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Family Ski News | June 20, 2024

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Swiss Irontrail 2013

Teresa Fisher

The start of the Irontrail 2013, right outside our hotel window in Pontresina!

The Swiss Iron Trail 2013 has taken place in Switzerland, in the picturesque canton of Graubünden.

It is the longest, toughest, highest altitude and, arguably, most beautiful single-stage trail of the Alps and is being billed as one of Europe’s ‘must-run’ events. was there at the start in Pontresina.

It was the start of a monumental four-day trail for a total of 447 runners, that included 11,500 metres of vertical ascent and 12,700 metres of descent, between the towns of Pontresina/St Moritz and Davos.

The event was introduced by Andrea Tuffli, race-director of the Swiss Iron Trail (SIT2013), who first introduced mountain running to Switzerland 28 years ago by organising the SwissAlpine in Davos – an off-road event of 79 kilometres over a mountain pass through dazzling mountainscapes.

Last year, the inaugural event had to be cancelled after the first day, due to adverse weather conditions.

This year, the runners were able to complete the trail – running through countryside that has inspired the likes of painter Giovanni Segantini and philosopher Friedrich Neitsche, and hoping to earn the highly-deserved title ‘King of the Mountains’ – like the wild ibex on the event’s logo and the cantonal flag for Graubünden.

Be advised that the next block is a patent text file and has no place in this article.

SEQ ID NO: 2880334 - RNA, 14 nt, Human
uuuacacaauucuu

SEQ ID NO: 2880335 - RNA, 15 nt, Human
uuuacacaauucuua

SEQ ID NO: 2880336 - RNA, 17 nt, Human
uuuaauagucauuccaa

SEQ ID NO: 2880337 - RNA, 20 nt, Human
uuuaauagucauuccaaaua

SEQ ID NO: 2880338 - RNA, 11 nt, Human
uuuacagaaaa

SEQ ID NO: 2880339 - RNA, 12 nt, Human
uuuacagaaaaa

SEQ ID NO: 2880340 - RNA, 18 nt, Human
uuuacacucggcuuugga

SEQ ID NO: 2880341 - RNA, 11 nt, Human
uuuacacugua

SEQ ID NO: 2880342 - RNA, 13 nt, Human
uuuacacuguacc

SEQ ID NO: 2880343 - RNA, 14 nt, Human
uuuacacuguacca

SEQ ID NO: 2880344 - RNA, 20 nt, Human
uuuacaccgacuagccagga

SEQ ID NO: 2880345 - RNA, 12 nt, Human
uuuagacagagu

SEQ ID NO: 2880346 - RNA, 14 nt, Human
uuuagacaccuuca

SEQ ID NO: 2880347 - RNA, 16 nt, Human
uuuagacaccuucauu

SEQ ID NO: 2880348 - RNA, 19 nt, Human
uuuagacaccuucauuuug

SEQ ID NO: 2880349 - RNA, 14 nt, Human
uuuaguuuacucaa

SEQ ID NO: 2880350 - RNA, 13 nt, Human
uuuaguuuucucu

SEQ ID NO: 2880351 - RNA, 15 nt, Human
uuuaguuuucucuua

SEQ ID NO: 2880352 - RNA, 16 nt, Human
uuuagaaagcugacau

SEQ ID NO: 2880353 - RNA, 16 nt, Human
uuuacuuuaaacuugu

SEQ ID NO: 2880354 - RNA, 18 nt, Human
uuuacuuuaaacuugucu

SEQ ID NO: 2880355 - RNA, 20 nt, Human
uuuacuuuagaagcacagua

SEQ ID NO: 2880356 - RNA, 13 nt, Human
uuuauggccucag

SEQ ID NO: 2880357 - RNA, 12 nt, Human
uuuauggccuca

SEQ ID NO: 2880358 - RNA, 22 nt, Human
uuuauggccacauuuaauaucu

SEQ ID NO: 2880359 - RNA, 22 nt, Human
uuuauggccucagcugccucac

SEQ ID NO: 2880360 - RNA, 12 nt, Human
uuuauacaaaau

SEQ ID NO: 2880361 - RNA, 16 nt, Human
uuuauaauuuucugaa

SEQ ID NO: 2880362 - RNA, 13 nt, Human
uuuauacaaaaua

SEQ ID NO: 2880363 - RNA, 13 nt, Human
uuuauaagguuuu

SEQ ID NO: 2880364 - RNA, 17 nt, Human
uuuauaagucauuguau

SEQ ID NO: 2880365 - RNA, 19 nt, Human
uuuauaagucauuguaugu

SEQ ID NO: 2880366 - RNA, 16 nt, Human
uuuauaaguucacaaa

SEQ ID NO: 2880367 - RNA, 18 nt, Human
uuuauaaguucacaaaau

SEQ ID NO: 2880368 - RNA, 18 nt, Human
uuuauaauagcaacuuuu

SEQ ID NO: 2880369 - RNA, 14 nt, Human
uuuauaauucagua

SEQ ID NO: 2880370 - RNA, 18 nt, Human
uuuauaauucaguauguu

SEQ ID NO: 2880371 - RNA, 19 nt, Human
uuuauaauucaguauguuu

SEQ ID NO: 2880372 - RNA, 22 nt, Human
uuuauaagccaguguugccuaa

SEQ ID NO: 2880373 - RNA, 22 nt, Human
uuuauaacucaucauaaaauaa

Crossing the Morteratsch glacier en route up the Diavolezza

The vast, wild and multi-faceted expanses of Graubünden were inspirational terrain for the runners, .  Most of the routes were on alpine trails and jeep tracks, with some major mountain passes and glaciers to overcome en route, especially near the start of the route.  Some of the scenic highlights and more challenging, technical sections of the Swiss Irontrail included the ascent to the Diavolezza and a glacier crossing; the Fuorcla Pischa ridge/ibex trail; the Piz Nair (at 3022 metres, the highpoint of the trail) the Pass di Orgels (through the ‘Graubünden Dolomites’) and the many lakes on the descent from the

The trail stretched from Pontresina via Samedan, Savognin and Lenzerheide to the finish line in Davos.  It was split into 4 sections with different starts over the three days from 9-11 August.  The ultimate category (and first start, in Pontresina on 9 August) covered a remarkable 201.4 kilometres – an unbelievable distance for a single stage event!  The weather conditions were less than ideal with heavy downpours, but that didn’t deter too many of the runners.

The start-gun went, at 8am, right outside our hotel in the main street in Pontresina.  Of 170 runners registered for the 201km leg, 130 were actually present at the start and just 36 made it to the finish.

Which way next?…

The second start (in Samedan on 10 August) covered 141km; start three (in Savognin) totalled 81km, and included some of the steepest sections; and start four (Lenzerheide to the finish in Davos) was 41km.

Although a number of runners were unable to complete the trail, the winner of this impressive and epic race – crowned ‘King of the Mountains’ – was Andreas Allwang from Munich, who recorded a time of 38 hours, 14 minutes and 57 seconds.  He was 26 minutes faster than second-placed Czech runner Petr Mil and 36 minutes faster than third-placed Japanese Soyogo Aoyagi.

As he crossed the finish line exhausted but elated, he cried out to the applauding crowd: “Thank you, thank you.  Sorry I’m running a bit late!..”

As the popularity of such long-distance running trails grows worldwide, the organisers are hoping to attract over 4,000 competitors by the event’s fifth year.  Given the magnitude, distance and highly demanding nature of the Irontrail, it appeals predominantly to more experienced single-stage ultra-trail runners, such as participants for the Ultra-Trail du Mont-Blanc.  For information on SIT2014, email